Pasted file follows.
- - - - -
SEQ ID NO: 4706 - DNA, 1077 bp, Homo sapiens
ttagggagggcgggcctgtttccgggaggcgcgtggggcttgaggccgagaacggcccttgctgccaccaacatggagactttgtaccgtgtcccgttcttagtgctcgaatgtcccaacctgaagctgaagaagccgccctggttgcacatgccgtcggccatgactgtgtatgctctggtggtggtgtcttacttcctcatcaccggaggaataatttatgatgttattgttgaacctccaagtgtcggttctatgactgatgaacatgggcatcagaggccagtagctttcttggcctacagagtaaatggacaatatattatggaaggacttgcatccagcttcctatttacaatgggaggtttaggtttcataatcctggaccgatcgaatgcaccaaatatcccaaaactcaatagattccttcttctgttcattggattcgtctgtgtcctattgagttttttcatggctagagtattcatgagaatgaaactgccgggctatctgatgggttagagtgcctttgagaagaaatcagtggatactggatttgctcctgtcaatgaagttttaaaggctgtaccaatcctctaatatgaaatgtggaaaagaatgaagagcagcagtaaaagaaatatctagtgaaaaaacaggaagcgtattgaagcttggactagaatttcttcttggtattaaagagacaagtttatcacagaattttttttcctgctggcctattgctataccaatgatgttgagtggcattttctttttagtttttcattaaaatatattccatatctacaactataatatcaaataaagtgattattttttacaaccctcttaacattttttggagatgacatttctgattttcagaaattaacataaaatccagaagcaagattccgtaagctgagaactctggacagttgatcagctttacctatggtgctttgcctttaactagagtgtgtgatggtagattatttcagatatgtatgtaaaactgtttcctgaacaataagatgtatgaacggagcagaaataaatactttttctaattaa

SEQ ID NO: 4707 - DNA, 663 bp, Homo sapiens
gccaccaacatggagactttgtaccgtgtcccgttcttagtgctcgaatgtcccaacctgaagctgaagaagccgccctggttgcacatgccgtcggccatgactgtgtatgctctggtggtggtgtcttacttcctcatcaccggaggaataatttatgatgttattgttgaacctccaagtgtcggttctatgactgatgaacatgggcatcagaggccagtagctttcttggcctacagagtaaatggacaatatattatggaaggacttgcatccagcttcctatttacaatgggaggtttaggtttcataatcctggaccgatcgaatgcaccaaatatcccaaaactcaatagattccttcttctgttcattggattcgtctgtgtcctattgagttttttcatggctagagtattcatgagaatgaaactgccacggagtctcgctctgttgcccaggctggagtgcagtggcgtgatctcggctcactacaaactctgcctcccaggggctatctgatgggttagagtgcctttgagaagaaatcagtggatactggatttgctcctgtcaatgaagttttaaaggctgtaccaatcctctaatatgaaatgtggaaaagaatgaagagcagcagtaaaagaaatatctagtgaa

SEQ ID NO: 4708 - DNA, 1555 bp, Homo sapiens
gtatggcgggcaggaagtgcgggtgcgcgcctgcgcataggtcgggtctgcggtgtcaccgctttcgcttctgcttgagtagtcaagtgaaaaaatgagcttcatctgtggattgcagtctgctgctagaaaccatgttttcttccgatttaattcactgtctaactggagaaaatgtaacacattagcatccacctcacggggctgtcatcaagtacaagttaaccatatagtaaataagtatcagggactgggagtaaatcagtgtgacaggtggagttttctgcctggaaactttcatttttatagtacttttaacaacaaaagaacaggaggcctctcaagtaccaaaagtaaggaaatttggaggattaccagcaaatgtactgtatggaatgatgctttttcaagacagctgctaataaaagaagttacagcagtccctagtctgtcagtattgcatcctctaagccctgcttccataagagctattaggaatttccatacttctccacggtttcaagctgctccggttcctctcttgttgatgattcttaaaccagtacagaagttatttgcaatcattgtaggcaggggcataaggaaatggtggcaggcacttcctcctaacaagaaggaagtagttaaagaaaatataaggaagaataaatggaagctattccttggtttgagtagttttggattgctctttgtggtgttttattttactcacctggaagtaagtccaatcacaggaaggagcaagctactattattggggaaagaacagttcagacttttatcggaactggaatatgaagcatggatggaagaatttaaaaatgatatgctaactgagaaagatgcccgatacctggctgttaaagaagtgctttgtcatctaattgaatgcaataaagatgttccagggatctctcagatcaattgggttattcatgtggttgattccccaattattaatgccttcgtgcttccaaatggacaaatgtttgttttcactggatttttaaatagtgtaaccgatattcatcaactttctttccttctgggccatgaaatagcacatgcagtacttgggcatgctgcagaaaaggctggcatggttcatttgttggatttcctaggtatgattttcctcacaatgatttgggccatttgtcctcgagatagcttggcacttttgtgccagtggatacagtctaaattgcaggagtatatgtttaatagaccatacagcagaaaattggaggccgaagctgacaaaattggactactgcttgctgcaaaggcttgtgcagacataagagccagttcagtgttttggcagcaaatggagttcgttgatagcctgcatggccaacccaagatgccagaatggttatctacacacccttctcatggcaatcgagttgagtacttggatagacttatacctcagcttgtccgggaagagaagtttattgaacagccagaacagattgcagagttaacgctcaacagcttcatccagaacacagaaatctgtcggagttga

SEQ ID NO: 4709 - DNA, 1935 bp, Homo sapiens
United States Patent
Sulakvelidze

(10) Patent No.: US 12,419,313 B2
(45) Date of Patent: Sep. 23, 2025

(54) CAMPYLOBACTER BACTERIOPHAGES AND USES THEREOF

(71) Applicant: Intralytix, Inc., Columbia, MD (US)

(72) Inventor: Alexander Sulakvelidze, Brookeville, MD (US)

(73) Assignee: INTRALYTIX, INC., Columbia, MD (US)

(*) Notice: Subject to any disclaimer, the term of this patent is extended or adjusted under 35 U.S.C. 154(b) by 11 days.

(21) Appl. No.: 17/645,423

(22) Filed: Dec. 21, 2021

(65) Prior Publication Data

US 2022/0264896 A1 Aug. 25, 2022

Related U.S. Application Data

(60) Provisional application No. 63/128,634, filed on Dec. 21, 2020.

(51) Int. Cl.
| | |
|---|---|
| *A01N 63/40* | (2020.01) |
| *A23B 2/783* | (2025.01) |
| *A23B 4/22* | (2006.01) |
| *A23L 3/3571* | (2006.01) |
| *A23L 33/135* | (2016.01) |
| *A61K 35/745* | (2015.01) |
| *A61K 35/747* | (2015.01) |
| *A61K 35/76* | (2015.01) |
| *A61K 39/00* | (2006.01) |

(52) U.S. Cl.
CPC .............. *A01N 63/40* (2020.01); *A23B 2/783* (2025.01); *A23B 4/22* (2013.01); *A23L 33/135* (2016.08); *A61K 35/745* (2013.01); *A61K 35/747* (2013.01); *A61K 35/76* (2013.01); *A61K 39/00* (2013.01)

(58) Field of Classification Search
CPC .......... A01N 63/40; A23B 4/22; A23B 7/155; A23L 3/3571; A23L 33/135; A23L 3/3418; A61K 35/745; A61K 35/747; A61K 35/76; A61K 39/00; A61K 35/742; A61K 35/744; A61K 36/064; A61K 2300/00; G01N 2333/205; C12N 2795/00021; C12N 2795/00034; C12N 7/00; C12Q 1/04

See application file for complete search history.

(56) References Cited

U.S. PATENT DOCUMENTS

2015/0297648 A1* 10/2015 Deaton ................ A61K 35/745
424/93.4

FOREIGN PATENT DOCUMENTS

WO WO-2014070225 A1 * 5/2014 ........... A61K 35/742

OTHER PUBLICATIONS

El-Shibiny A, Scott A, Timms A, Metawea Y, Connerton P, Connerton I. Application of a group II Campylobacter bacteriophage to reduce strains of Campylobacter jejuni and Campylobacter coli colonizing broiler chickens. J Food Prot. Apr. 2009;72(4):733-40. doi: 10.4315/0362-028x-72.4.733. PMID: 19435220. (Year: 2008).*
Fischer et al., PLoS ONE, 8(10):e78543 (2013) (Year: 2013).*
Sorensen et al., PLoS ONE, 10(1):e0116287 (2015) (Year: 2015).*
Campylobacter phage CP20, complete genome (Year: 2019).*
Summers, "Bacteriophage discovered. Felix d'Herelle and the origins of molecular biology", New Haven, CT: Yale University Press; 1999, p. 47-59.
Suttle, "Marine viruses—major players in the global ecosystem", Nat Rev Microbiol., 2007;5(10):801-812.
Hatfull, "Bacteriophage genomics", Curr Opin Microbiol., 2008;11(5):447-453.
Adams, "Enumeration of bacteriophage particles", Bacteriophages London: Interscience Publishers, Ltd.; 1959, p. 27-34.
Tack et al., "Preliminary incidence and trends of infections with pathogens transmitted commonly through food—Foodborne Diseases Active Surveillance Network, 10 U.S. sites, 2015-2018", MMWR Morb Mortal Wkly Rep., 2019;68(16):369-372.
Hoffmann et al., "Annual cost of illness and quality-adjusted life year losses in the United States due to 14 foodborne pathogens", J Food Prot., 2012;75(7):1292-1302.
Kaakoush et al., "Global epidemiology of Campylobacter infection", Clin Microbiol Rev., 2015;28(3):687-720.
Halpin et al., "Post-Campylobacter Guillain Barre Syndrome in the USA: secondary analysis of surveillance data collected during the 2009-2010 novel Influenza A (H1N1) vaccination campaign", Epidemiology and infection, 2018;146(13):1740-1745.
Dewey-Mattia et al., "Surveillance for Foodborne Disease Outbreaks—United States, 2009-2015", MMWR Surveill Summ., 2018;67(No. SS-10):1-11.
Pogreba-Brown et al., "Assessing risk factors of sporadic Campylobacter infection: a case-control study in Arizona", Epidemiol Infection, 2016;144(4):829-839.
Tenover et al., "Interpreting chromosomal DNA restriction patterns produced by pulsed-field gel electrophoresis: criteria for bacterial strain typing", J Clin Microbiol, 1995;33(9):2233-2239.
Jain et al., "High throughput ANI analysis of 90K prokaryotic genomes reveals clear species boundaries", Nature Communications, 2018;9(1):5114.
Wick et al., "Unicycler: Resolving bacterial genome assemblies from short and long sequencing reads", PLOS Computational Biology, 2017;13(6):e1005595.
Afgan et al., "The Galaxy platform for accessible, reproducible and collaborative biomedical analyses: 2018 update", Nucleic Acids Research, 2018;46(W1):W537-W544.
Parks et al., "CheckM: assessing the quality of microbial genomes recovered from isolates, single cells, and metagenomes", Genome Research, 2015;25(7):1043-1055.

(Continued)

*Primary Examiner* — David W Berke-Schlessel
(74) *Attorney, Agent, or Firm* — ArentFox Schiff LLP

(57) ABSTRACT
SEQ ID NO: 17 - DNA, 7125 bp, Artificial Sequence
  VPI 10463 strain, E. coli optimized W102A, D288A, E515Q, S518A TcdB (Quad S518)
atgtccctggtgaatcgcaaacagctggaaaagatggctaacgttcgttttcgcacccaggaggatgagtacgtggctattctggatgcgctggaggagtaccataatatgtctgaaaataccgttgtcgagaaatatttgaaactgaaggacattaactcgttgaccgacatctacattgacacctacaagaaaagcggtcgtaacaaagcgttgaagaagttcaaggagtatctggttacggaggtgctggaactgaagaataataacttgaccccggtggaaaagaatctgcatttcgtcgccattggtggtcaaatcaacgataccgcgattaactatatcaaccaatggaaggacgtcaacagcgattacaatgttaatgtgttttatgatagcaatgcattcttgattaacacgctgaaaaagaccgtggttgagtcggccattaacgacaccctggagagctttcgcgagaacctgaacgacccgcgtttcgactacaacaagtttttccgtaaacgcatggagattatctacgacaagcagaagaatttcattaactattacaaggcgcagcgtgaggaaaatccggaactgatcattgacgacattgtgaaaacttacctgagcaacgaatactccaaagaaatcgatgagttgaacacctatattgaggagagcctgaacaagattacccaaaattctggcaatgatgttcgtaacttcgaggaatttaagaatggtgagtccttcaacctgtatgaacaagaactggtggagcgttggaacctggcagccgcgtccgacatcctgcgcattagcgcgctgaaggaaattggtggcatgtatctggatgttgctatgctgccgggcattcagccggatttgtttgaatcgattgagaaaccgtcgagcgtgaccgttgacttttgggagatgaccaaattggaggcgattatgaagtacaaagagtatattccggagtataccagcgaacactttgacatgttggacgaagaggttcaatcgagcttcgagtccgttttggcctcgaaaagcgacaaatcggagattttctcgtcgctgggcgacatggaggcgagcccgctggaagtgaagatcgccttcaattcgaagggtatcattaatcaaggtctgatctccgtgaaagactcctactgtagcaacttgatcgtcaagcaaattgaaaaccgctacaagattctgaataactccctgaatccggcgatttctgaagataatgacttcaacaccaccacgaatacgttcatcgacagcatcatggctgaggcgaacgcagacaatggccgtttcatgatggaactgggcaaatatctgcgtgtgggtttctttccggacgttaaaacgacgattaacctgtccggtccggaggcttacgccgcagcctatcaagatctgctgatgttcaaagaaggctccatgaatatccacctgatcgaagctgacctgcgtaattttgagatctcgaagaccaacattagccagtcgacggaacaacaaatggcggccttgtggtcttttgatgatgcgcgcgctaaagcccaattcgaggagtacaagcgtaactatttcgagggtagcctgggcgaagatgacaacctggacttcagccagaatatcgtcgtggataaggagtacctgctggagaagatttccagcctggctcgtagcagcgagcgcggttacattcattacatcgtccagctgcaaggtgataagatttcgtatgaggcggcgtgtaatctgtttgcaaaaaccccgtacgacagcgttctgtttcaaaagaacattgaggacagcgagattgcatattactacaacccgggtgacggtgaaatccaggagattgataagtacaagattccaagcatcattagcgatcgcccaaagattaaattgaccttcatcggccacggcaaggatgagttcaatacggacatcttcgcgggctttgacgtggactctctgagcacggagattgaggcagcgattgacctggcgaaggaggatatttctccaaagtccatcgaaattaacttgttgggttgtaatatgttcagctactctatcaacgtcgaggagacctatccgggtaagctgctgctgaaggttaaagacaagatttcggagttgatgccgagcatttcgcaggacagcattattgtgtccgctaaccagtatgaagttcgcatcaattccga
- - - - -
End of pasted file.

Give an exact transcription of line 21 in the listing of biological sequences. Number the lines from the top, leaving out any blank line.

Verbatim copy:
Related U.S. Application Data